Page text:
Charming Villages

Undoubtedly, Chorley is surrounded by beautiful Lancashire villages that are well worth exploring. From the famous tower in Hoghton to the former mill in Coppull, there are lots of hidden treasures to discover.


Situated at the edge of the vast West Pennine Moors and one of the largest villages in the borough, Adlington was first developed as a cotton milling village. Today, it’s popular for the White Bear Marina – the largest marina on the Leeds and Liverpool Canal. Attracting many visitors from cyclists, anglers, walkers and boat owners, this scenic stretch of inland waterway provides a gateway to over 2,000 mikes of canal network.


Anglezarke is without a doubt one of the most beautiful villages in Lancashire. With views across the borough out towards the coast, much of Anglezarke’s history revolves around lead mining. Today the village is a popular destination for rock climbers and its interesting terrain was the chosen location for the 2002 Commonwealth Games Mountain Bike competition.


Surrounded by pleasant farming country, Bretherton used to be a self-supporting farming village. Today with many of the old farming buildings being restored into attractive residential properties, Bretherton is a truly archetypal English hamlet.

There is a stone war memorial and heritage buffs can see Bank Hall, which dates back to before Edward II and featured on the BBC’s Restoration programme, and Carr House as a fine example of early 17th century architecture.


Home to the characterful Cavendish Arms Pub, Brindle has maintained its historical charm and is a beautifully kept and affluent small village in close proximity to Chorley.

Charnock Richard

Take a stroll around Charnock Richard, enjoy a pint of ale in a country pub and observe Park Hall, which dates back to the 10th century. Unusually, the village is also the base for one of the UK’s honorary Latvian Consulates.


Croston is known for Town Bridge and Church Street – the latter being described as ‘probably the finest example of a Lancashire village street’. Renowned for its great architectural and cultural integrity, Croston deserves to be on your list of places to visit. It’s also home to a variety of pubs serving delicious Lancashire dishes and popular afternoon tea.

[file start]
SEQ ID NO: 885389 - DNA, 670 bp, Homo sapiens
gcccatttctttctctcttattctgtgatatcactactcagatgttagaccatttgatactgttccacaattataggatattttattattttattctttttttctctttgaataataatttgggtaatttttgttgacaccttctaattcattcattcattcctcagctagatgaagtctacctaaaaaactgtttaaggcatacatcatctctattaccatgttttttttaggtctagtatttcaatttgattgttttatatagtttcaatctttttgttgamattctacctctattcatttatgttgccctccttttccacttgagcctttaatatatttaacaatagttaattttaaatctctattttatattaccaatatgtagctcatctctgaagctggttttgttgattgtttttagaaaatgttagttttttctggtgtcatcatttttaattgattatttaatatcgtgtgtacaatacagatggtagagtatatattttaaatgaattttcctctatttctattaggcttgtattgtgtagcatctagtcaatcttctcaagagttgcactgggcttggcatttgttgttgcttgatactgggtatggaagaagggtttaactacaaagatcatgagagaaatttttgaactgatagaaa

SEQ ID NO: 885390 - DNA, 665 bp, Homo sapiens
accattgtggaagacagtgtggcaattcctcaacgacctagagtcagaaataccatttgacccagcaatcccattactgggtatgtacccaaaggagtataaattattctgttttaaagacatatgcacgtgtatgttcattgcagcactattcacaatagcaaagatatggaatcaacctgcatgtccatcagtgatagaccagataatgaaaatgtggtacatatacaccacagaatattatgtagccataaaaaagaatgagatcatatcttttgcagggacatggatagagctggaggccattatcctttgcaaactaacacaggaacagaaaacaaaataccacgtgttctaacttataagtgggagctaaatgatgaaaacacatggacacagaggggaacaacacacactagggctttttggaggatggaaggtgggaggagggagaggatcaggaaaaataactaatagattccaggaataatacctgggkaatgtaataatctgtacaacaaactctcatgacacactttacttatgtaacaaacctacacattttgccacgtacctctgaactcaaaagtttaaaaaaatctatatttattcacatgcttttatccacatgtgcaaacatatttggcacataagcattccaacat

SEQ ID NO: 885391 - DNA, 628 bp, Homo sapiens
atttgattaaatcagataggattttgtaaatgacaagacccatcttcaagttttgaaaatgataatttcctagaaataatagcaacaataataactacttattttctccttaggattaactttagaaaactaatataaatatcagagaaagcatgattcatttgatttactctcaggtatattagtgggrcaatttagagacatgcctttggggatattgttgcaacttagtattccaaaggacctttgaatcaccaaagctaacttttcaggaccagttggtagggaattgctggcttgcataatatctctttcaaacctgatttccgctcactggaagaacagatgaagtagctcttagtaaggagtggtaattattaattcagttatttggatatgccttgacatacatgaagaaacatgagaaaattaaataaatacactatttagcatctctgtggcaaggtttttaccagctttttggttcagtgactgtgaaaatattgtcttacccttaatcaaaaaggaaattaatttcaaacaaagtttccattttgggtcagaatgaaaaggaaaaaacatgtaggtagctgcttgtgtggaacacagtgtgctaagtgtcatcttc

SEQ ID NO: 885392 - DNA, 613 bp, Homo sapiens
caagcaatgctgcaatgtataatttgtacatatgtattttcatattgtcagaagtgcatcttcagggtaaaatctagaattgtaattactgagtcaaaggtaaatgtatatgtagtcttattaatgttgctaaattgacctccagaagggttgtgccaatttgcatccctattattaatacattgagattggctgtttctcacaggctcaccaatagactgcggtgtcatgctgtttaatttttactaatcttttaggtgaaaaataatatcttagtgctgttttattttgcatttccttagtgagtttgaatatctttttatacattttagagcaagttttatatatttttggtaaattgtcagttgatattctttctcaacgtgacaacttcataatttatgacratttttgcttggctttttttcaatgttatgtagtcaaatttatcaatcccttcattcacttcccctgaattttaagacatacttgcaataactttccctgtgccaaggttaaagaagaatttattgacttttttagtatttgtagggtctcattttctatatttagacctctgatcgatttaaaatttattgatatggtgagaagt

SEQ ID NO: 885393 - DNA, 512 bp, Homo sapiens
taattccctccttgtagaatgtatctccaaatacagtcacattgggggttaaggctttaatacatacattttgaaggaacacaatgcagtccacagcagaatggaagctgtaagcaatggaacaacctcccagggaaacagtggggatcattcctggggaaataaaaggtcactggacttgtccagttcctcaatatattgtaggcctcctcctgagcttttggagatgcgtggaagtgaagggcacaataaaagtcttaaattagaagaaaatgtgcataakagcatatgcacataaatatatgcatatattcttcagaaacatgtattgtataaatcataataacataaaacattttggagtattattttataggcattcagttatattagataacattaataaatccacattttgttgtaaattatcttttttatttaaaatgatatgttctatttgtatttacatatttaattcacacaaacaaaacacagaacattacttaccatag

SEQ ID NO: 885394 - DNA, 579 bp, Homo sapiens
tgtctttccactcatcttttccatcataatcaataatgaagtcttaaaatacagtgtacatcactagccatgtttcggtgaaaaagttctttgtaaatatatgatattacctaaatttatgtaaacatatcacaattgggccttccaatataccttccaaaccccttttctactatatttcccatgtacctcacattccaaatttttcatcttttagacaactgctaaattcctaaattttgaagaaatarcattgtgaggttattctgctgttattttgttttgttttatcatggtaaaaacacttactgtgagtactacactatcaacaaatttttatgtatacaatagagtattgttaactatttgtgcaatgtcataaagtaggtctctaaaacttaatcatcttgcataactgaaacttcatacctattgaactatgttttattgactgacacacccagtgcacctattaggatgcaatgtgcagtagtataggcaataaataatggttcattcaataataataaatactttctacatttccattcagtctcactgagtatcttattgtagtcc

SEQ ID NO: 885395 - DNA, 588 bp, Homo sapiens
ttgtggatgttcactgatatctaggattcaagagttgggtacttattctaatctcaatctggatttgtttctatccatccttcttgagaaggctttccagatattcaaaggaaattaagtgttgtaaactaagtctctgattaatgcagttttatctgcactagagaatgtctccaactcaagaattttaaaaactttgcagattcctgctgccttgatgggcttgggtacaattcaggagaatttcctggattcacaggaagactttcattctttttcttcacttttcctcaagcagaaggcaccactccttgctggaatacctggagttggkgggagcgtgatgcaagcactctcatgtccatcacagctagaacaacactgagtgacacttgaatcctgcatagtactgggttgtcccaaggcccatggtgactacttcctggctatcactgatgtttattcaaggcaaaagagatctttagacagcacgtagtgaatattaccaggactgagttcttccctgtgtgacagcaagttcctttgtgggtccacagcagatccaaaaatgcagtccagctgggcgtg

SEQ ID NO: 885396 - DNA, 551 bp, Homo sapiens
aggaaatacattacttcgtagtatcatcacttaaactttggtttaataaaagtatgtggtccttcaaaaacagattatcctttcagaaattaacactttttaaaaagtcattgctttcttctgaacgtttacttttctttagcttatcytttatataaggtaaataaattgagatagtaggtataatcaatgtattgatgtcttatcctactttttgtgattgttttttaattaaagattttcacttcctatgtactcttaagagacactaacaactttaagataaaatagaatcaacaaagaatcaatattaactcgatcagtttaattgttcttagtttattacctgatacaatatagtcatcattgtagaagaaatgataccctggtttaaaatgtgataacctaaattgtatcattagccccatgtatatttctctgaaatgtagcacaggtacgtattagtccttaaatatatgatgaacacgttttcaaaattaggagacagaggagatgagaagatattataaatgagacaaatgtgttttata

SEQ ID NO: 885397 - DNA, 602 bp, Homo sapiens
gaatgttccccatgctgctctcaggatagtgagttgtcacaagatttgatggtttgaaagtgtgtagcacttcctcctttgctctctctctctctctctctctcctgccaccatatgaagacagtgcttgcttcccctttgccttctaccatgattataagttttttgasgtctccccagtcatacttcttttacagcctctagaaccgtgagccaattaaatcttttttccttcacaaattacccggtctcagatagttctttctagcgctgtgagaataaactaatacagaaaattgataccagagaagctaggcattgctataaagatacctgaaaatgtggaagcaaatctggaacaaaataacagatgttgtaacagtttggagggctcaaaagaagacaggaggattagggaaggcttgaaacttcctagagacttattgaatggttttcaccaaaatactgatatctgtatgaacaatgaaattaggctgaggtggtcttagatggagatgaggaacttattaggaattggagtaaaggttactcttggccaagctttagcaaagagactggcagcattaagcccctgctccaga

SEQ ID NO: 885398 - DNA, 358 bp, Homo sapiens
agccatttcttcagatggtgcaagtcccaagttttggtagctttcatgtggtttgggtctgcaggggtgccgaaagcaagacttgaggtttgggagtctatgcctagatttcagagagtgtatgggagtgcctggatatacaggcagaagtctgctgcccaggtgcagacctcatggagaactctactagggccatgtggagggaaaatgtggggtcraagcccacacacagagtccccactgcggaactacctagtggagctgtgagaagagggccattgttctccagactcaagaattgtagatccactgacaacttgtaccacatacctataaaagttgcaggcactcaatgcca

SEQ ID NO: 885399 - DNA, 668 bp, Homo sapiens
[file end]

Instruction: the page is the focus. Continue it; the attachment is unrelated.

Heskin contains some lovely spots – one of them being the outstanding manor house that dates back to the 17th century. A grammar school was established in the village as early as 1597 and Heskin Hall stands and is open to the public as an antiques centre.


Join the list of famous visitors said to have appreciated the grandeur of Hoghton Tower. This ancient fortified manor house was erected between 1562 and 1565 by Thomas de Hoghton and commands magnificent views throughout the year.


One of the most beautiful parts of the borough, the village has a fantastic history. Use this as a starting point to explore the surrounding countryside and stop off at Rivington Barn for a bite to eat.

See if you can climb all the way to the Pike that can be seen for miles around and explore the Terraced Gardens, built in Chinese, Japanese and Italian design, which were part of Lord Leverhulme’s ‘retreat’ at Rivington.


Divided into Higher Wheelton and Lower Wheelton, this area can be found on the main road from Chorley to Blackburn.

The village has tiny sloping streets and is home to the Top Lock, which is a fascinating reminder of the canal linkage once vital to trans-Pennine industrial canal traffic. Today it provides a wonderful corridor for leisure activities such as fishing, boating, walking and feeding the ducks.